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Is there an allocated time period in Ray Bradbury's novel? I'm not too sure if there is a timeline that led up to the events in the book, so the time in which it is set is unclear to me.

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2 Answers 2

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Within the book itself there is no definitive date but with a little creative analysis we can we can date the book as being set in the year 2053 (or maybe a couple of years afterwards).


Within the text of Farenheit 451, Clarisse states that her uncle was arrested for an unusual crime;

"My uncle was arrested another time. Did I tell you? For being a pedestrian. Oh, we're most peculiar."

That particular story was told in another Bradbury short story called 'The Pedestrian' which contains a reference to being set in the year "A.D. 2053" (coincidentally 101 years after the date of publication).

In an interview with 'American Author' on the occasion of his 80th Birthday, Bradbury clearly states that 'The Pedestrian' is a direct prequel to Farenheit 451.

"When I was walking on Wilshire Boulevard one night, 50 years ago, with a friend, a police car pulled up and the police inquired why we were walking on the sidewalk. And I said well we're putting one foot in front of the other. Well that was the wrong answer, and the policeman was very suspicious of us for walking in an area where there were no pedestrians... He told us to go home and not to walk any more. Then I went home and wrote The Pedestrian, which is the beginning of Fahrenheit 451. All because that policeman stopped me, thank God for that policeman."

Additionally, the novella from which 'Farenheit 451' was adapted (namely 'the Fireman' originally published in Galaxy Magazine in 1951) explictly states that the year is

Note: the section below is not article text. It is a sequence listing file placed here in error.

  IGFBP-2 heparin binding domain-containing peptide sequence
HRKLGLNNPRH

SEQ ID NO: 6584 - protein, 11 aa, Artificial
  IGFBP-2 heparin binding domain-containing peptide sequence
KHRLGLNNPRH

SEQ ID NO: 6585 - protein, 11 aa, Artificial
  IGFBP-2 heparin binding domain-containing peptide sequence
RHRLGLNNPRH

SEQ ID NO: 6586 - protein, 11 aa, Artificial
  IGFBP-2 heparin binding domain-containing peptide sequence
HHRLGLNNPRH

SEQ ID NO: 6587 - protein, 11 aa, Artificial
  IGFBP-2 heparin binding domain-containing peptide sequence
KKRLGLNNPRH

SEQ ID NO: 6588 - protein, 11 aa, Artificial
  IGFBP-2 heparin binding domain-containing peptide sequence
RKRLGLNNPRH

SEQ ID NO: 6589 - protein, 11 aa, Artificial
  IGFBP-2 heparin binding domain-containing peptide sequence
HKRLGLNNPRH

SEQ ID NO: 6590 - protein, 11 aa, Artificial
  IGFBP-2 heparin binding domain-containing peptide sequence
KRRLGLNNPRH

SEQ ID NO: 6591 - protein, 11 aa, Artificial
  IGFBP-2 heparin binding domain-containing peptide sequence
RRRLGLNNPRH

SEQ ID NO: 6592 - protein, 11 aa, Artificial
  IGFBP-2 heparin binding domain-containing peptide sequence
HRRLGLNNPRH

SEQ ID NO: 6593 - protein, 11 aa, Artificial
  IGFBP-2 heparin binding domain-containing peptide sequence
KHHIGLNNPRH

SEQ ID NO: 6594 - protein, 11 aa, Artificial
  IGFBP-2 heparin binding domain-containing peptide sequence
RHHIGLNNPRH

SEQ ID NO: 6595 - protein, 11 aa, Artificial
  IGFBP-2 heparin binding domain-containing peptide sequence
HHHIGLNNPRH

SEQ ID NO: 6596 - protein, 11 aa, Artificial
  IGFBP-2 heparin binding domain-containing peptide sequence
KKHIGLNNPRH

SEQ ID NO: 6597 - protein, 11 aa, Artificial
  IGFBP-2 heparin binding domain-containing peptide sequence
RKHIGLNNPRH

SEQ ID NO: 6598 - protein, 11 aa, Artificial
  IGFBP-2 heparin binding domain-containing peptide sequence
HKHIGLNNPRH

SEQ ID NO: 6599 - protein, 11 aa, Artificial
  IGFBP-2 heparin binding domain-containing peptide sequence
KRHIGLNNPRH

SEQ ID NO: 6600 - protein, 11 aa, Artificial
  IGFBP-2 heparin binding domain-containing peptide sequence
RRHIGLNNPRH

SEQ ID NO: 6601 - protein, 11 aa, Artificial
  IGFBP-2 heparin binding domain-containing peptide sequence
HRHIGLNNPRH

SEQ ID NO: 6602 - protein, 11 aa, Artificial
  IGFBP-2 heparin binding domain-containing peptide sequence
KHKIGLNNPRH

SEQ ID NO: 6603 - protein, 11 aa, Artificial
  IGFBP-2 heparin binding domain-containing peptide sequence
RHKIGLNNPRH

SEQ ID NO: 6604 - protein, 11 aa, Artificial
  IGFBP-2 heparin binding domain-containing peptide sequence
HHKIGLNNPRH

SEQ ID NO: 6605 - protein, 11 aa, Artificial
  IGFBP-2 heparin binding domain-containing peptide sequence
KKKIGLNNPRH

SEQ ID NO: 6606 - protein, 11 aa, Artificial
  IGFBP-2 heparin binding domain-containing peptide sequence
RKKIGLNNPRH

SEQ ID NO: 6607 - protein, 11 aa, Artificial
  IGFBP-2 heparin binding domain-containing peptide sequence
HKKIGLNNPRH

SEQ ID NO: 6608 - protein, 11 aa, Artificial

Thursday morning, October 4th, 2052, A.D.

Given Bradbury's apparent predilection for placing his futuristic books a hundred and one years in the future, the figure of 2053 makes perfect sense.

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Hm. Can't dispute what Bradbury said but in reading The Pedestrian, I find it difficult to see how it formed a substantial basis for 451. The opening of The Fireman on the other hand clearly sounds like a predecessor. You have any additional info on The Pedestrian. –  Stan Mar 9 at 23:15
    
Just a canon quote from the author. You're right that it might be a "spiritual" prequel. His words are somewhat ambiguous. –  Richard Mar 9 at 23:20

The novel originally started out as short story called Bright Phoenix that Bradbury wrote in 1947. He later expanded it to a novella titled The Fireman (published in Galaxy Sci Fi 1951) and finally into the novel Farenheit 451. See article. Interestingly, Bright Phoenix wasn't published until the May 1963 edition of the Magazine of Fantasy and Science Fiction.

The quotation from Farenheit 451 referenced in Mistah Mix's answer is (according to Note 1 in this Wiki article) ambiguous and open to interpretation. That same note however also states that the novella sets the time in October 2052.

The full text of the novella is available here. The formatting is 'unkind' but the beginning of the novella is explicit regarding the date -

Fire, Fire, Burn Books

The four men sat silently playing blackjack under a green drop-light in the dark morning. >Only a voice whispered from the ceiling: "One thirty-five a.m. Thursday morning, October >4th, 2052, A.D. . . . One 'forty a.m. . . . one fifty . . ."

Mr. Montag sat stiffly among the other firemen in the fire house, heard the voice-clock >mourn out the cold hour and the cold year, and shivered.

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Bright phoenix (raybradbury.ru/library/story/63/2/0) wasn't published until 1963. The opening line is "One day in April 2022 the great library door slammed flat shut. Thunder. Hullo, I thought." –  Richard Mar 9 at 23:06
    
@Richard - Yup, aware of that. Was still working on some edits. I've been unable to find actual text of Bright Phoenix. If you have a link, please share. Important point is both it and The Fireman set the date in the early to mid 21st century. –  Stan Mar 9 at 23:08
    
Mistah Mix deleted his answer it seems, but the ambiguous quote is at the bottom of books.google.com/… -- "Out of the nursery into the college and back to the nursery; there's your intellectual pattern for the past five centuries or more." It doesn't seem clear what "back to the nursery" is a metaphor for, so it's hard to tell if he's talking about the "pattern" since widespread literacy (1500's or so when the printing press took off, basically consistent with a 21st century date for the story) or since they began the policy of burning books. –  Hypnosifl Mar 10 at 6:27
    
@Hypnosifl Quote is also contained in Note 1 of the Wiki article I linked. –  Stan Mar 10 at 10:32

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